Following up on John’s coverage from yesterday, the protesters and rioters in New York City aren’t getting everything they want, but they’re at least getting a piece of the pie. Amid calls to “abolish the police,” Gotham’s Police Commissioner announced yesterday that there would be a “seismic shift” in Big Apple policing with the disbanding of the undercover anti-crime unit. Some members of that special task force have been involved in the deaths of subjects, including the very high-profile death of Eric Garner. The Commissioner seems to feel that this move will quiet the masses. The roughly 600 members of this unit will be scattered to various other duties. (NY Post)
The NYPD is disbanding its undercover anti-crime unit — nearly six years after one of its plainclothes cops killed Eric Garner with a chokehold, sparking the rallying cry of “I can’t breathe” for the Black Lives Matter movement.
Police Commissioner Dermot Shea announced the change Monday afternoon at police headquarters, describing ending the unit as “seismic” shift culturally in the NYPD.
The roughly 600 cops — spread out at precinct and public housing patrols across the city — will be reassigned into other posts, including the detective bureau and neighborhood policing efforts.
While scanning the headlines for New York City news, it was kind of unsettling to see the story of the anti-crime unit being disbanded right next to one in the New York Daily News with a very different subject. “Murders continue to surge in NYC with 38 killings in the last four weeks.” Because disbanding your anti-crime unit is precisely the thing you’d do when your in the middle of a surge in murders and other violent crimes, amirite?
A bloody four-week stretch has helped drive murders up by more than 25% across New York compared to a year ago, according to NYPD statistics.
The city saw 38 killings over the past four weeks compared to 19 over the same time frame last year. So far, there have been 32 more murders this year than in the same period in 2019, with 159 through Sunday.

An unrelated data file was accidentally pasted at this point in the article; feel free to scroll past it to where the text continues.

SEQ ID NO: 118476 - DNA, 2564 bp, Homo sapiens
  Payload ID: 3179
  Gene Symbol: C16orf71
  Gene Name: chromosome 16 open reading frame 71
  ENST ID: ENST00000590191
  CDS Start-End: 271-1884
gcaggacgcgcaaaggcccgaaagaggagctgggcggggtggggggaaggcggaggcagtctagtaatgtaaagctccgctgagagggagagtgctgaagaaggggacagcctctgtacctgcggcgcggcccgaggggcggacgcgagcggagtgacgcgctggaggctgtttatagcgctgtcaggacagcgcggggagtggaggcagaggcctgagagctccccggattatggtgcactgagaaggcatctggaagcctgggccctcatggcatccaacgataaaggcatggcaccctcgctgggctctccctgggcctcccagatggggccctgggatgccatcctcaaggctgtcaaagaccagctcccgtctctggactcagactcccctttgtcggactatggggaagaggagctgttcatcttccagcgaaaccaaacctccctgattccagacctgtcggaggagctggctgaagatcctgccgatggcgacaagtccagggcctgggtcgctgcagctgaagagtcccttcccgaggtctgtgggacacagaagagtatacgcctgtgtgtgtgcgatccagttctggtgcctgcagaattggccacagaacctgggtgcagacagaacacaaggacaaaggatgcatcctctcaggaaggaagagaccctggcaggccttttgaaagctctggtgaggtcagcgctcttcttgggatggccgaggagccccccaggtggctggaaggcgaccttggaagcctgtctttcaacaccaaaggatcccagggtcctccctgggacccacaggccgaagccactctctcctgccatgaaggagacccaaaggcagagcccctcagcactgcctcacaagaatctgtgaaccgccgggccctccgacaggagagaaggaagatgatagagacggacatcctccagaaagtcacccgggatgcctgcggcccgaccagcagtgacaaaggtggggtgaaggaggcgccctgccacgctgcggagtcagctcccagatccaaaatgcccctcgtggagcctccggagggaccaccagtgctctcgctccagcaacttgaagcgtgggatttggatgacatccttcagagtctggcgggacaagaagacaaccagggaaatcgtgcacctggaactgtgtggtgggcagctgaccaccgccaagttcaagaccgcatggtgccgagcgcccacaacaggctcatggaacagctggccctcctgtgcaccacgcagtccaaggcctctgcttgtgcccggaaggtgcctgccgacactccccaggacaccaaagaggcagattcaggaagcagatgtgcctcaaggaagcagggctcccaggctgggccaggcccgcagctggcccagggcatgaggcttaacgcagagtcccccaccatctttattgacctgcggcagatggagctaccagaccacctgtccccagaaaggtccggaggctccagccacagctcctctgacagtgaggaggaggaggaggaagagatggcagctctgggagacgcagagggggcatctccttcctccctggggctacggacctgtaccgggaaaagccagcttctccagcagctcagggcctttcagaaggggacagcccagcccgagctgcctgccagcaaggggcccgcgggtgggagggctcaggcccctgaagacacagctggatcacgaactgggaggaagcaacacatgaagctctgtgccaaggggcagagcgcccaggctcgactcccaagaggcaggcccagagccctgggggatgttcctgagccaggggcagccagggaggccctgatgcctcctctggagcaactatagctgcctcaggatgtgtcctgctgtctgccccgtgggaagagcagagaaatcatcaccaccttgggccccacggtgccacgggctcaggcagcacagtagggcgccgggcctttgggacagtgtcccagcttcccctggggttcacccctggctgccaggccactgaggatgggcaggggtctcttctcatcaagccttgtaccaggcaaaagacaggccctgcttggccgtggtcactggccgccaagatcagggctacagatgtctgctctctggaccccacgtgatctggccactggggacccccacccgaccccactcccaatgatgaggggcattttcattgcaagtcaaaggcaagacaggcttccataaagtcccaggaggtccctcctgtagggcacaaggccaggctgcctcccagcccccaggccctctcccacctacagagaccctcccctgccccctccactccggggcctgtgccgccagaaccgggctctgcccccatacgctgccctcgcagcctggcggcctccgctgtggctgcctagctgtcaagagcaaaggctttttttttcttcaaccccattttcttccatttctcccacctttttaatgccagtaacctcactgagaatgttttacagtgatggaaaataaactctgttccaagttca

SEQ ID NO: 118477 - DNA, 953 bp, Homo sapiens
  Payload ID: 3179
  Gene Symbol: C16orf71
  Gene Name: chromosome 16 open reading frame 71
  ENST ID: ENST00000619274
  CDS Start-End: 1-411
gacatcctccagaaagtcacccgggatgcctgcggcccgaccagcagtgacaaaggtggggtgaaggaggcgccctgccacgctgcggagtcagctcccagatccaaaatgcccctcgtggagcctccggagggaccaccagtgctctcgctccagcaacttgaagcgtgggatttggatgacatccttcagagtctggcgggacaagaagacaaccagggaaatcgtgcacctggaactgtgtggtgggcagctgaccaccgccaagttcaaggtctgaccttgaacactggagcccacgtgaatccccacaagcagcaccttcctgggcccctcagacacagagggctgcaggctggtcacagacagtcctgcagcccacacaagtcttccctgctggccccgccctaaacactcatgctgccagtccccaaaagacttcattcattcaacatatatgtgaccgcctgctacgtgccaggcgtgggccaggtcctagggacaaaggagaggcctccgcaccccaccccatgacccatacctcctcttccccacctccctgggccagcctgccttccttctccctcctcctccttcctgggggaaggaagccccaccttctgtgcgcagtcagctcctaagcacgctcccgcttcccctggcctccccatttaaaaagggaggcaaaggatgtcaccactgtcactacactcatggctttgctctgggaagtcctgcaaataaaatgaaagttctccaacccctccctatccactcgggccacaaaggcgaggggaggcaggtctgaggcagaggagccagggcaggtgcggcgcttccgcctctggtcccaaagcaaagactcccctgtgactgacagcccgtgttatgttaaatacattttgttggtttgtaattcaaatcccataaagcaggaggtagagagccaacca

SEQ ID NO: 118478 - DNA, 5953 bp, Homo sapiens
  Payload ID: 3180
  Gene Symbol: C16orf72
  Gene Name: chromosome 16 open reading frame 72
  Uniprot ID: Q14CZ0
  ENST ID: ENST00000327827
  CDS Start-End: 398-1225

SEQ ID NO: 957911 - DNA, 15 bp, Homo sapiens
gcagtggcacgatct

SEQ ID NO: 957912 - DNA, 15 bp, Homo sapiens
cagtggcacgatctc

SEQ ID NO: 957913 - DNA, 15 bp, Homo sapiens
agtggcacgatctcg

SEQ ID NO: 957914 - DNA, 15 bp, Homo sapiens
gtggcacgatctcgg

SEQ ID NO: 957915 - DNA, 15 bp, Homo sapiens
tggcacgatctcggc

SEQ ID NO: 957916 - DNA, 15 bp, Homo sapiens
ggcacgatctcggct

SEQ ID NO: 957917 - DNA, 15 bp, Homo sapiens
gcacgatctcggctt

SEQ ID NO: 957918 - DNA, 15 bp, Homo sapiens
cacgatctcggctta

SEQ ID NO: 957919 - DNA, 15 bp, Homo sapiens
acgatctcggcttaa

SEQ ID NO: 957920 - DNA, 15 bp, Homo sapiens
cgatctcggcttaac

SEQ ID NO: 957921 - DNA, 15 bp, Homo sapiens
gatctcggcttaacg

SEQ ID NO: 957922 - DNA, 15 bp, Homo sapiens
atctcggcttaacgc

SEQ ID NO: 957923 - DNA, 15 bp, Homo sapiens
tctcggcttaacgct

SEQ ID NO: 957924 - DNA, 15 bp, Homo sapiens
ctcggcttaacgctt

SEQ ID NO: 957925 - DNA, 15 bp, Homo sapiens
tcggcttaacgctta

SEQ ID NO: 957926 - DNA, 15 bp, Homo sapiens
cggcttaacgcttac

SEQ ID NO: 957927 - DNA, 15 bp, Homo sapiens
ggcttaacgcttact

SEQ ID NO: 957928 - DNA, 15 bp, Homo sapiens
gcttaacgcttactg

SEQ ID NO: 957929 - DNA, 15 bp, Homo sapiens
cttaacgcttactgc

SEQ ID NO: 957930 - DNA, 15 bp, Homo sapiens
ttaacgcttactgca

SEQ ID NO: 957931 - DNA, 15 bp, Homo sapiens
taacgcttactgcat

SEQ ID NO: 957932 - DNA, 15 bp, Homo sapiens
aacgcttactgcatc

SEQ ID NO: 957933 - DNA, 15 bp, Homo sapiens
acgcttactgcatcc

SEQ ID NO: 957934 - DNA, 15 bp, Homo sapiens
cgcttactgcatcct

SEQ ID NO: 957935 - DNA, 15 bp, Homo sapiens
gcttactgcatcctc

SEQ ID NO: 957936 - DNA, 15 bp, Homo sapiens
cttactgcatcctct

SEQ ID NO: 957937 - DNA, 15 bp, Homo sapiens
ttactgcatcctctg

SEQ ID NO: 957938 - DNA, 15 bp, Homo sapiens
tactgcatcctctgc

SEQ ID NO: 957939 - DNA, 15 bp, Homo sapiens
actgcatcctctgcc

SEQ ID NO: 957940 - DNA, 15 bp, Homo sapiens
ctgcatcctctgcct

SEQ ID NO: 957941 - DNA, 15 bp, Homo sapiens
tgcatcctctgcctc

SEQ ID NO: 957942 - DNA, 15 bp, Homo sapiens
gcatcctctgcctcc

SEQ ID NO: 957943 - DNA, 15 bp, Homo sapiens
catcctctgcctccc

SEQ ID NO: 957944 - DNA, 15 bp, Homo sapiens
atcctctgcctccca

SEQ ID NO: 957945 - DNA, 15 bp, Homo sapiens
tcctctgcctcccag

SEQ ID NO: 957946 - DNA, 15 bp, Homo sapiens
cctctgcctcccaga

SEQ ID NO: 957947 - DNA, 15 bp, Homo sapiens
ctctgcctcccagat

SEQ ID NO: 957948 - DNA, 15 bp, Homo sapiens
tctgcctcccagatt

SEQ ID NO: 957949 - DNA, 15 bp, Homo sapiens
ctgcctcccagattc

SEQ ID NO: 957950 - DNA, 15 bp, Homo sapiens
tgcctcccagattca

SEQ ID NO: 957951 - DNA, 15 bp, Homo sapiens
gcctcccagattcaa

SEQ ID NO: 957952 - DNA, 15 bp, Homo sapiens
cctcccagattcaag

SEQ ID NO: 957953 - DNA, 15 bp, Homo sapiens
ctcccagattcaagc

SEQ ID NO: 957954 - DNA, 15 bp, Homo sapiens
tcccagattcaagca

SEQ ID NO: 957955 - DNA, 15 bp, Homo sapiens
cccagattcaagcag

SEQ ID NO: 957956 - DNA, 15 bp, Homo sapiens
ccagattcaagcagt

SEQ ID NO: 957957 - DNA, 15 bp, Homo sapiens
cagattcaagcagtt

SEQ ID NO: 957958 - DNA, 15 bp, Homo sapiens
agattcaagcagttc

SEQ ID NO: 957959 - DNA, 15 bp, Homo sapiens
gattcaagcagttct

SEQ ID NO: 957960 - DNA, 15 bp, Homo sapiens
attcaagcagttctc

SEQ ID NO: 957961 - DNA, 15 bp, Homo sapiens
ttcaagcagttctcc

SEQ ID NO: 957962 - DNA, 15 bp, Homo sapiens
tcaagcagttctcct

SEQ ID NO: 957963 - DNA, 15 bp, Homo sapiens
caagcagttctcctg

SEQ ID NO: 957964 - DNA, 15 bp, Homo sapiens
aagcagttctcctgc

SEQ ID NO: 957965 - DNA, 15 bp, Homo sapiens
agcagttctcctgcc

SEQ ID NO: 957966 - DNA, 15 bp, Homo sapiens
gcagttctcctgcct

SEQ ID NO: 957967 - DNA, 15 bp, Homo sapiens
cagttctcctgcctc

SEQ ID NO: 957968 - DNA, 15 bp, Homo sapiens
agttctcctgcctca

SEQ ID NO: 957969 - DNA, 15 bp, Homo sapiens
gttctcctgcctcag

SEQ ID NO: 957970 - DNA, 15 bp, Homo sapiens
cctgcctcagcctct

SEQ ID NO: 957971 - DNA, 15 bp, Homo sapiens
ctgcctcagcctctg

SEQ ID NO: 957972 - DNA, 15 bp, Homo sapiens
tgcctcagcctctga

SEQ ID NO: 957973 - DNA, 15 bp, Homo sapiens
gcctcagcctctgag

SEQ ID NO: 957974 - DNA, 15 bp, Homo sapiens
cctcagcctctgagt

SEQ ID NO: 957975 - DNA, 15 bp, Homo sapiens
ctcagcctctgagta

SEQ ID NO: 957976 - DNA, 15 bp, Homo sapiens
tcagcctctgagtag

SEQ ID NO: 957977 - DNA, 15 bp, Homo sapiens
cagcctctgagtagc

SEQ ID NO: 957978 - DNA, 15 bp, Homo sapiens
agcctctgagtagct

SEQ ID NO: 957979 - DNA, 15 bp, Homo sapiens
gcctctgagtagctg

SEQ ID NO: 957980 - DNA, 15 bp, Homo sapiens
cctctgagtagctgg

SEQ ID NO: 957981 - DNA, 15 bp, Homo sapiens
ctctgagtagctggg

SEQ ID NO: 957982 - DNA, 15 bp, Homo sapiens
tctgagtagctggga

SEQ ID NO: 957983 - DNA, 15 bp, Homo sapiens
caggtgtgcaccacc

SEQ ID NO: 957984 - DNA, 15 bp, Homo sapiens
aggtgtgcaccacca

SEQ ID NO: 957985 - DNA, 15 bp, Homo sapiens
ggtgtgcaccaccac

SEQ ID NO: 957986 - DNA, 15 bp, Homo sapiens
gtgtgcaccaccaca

Shootings have also increased this year, with 394 as of Sunday compared to 317 in the same period last year.
Yep. The city had literally double the number of murders over the past four weeks than it did during the same period last year. Shootings are up also, with 77 more being recorded. But that wasn’t all. Burglaries were up 47%, with 6,595 incidents versus 4,480 in 2019. Auto thefts were up by 60%.
Granted, there are no doubt a lot of factors at play here. As the Commissioner noted, the new “bail reform” law is putting a lot of criminals back out on the street faster. The overall “empty the jails” drive is also creating many more opportunities for recidivism. And, of course, there are a certain number of criminals who are taking advantage of all the chaos and mayhem surrounding the riots and marches by hitting targets while the cops are otherwise occupied.
But still, the numbers are real. The crime rates, including murders and shootings, are going up. Is that really the best time to break up one of your most experienced and effective anti-crime units? I think both the Mayor and the NYPD need to be able to tell the public whether this is being done because it’s the best policy to keep New Yorkers safe or if this is a political sop to the protesters and the Democrats on the City Council. And if it’s the latter, which is what it looks like, that’s no way to run a metropolis.